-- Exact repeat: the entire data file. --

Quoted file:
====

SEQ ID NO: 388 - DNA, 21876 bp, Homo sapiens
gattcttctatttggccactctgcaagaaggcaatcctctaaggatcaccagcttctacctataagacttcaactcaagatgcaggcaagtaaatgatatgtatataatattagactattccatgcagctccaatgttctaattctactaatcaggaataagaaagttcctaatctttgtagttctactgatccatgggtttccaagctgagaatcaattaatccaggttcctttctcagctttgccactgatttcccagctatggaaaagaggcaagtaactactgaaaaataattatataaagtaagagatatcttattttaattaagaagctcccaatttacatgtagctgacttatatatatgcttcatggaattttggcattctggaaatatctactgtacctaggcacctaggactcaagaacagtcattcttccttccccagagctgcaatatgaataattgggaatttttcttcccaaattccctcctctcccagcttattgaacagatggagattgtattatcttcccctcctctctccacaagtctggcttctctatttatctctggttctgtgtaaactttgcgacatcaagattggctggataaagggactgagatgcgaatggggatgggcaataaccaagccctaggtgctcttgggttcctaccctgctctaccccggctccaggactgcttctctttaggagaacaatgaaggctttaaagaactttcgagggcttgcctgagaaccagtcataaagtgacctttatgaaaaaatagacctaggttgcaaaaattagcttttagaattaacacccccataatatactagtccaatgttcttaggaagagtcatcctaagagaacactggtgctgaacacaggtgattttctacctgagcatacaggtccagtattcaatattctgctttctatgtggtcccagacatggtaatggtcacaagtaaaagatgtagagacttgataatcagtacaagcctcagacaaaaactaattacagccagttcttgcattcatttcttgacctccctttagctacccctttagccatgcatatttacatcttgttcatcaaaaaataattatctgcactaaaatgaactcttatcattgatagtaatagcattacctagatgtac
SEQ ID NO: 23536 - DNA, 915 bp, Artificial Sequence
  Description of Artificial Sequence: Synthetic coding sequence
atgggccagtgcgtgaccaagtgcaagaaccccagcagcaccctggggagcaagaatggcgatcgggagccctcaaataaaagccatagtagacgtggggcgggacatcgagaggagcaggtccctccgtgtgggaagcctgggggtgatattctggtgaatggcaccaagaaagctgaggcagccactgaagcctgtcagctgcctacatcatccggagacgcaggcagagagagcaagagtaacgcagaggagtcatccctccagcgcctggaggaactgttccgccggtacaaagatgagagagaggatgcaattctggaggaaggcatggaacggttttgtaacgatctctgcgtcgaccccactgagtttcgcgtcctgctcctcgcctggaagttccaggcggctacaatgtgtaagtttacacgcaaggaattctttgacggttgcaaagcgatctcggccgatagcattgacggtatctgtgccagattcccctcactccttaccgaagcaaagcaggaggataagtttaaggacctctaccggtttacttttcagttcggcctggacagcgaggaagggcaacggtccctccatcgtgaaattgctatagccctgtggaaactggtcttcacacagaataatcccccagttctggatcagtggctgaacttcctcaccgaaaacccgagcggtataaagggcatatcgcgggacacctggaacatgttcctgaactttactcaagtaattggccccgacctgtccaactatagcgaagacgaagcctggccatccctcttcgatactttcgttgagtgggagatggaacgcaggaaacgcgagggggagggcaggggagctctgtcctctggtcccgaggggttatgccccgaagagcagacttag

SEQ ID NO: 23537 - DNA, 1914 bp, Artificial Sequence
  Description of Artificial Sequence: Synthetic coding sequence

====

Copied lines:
SEQ ID NO: 388 - DNA, 21876 bp, Homo sapiens
gattcttctatttggccactctgcaagaaggcaatcctctaaggatcaccagcttctacctataagacttcaactcaagatgcaggcaagtaaatgatatgtatataatattagactattccatgcagctccaatgttctaattctactaatcaggaataagaaagttcctaatctttgtagttctactgatccatgggtttccaagctgagaatcaattaatccaggttcctttctcagctttgccactgatttcccagctatggaaaagaggcaagtaactactgaaaaataattatataaagtaagagatatcttattttaattaagaagctcccaatttacatgtagctgacttatatatatgcttcatggaattttggcattctggaaatatctactgtacctaggcacctaggactcaagaacagtcattcttccttccccagagctgcaatatgaataattgggaatttttcttcccaaattccctcctctcccagcttattgaacagatggagattgtattatcttcccctcctctctccacaagtctggcttctctatttatctctggttctgtgtaaactttgcgacatcaagattggctggataaagggactgagatgcgaatggggatgggcaataaccaagccctaggtgctcttgggttcctaccctgctctaccccggctccaggactgcttctctttaggagaacaatgaaggctttaaagaactttcgagggcttgcctgagaaccagtcataaagtgacctttatgaaaaaatagacctaggttgcaaaaattagcttttagaattaacacccccataatatactagtccaatgttcttaggaagagtcatcctaagagaacactggtgctgaacacaggtgattttctacctgagcatacaggtccagtattcaatattctgctttctatgtggtcccagacatggtaatggtcacaagtaaaagatgtagagacttgataatcagtacaagcctcagacaaaaactaattacagccagttcttgcattcatttcttgacctccctttagctacccctttagccatgcatatttacatcttgttcatcaaaaaataattatctgcactaaaatgaactcttatcattgatagtaatagcattacctagatgtac
SEQ ID NO: 23536 - DNA, 915 bp, Artificial Sequence
  Description of Artificial Sequence: Synthetic coding sequence
atgggccagtgcgtgaccaagtgcaagaaccccagcagcaccctggggagcaagaatggcgatcgggagccctcaaataaaagccatagtagacgtggggcgggacatcgagaggagcaggtccctccgtgtgggaagcctgggggtgatattctggtgaatggcaccaagaaagctgaggcagccactgaagcctgtcagctgcctacatcatccggagacgcaggcagagagagcaagagtaacgcagaggagtcatccctccagcgcctggaggaactgttccgccggtacaaagatgagagagaggatgcaattctggaggaaggcatggaacggttttgtaacgatctctgcgtcgaccccactgagtttcgcgtcctgctcctcgcctggaagttccaggcggctacaatgtgtaagtttacacgcaaggaattctttgacggttgcaaagcgatctcggccgatagcattgacggtatctgtgccagattcccctcactccttaccgaagcaaagcaggaggataagtttaaggacctctaccggtttacttttcagttcggcctggacagcgaggaagggcaacggtccctccatcgtgaaattgctatagccctgtggaaactggtcttcacacagaataatcccccagttctggatcagtggctgaacttcctcaccgaaaacccgagcggtataaagggcatatcgcgggacacctggaacatgttcctgaactttactcaagtaattggccccgacctgtccaactatagcgaagacgaagcctggccatccctcttcgatactttcgttgagtgggagatggaacgcaggaaacgcgagggggagggcaggggagctctgtcctctggtcccgaggggttatgccccgaagagcagacttag

SEQ ID NO: 23537 - DNA, 1914 bp, Artificial Sequence
  Description of Artificial Sequence: Synthetic coding sequence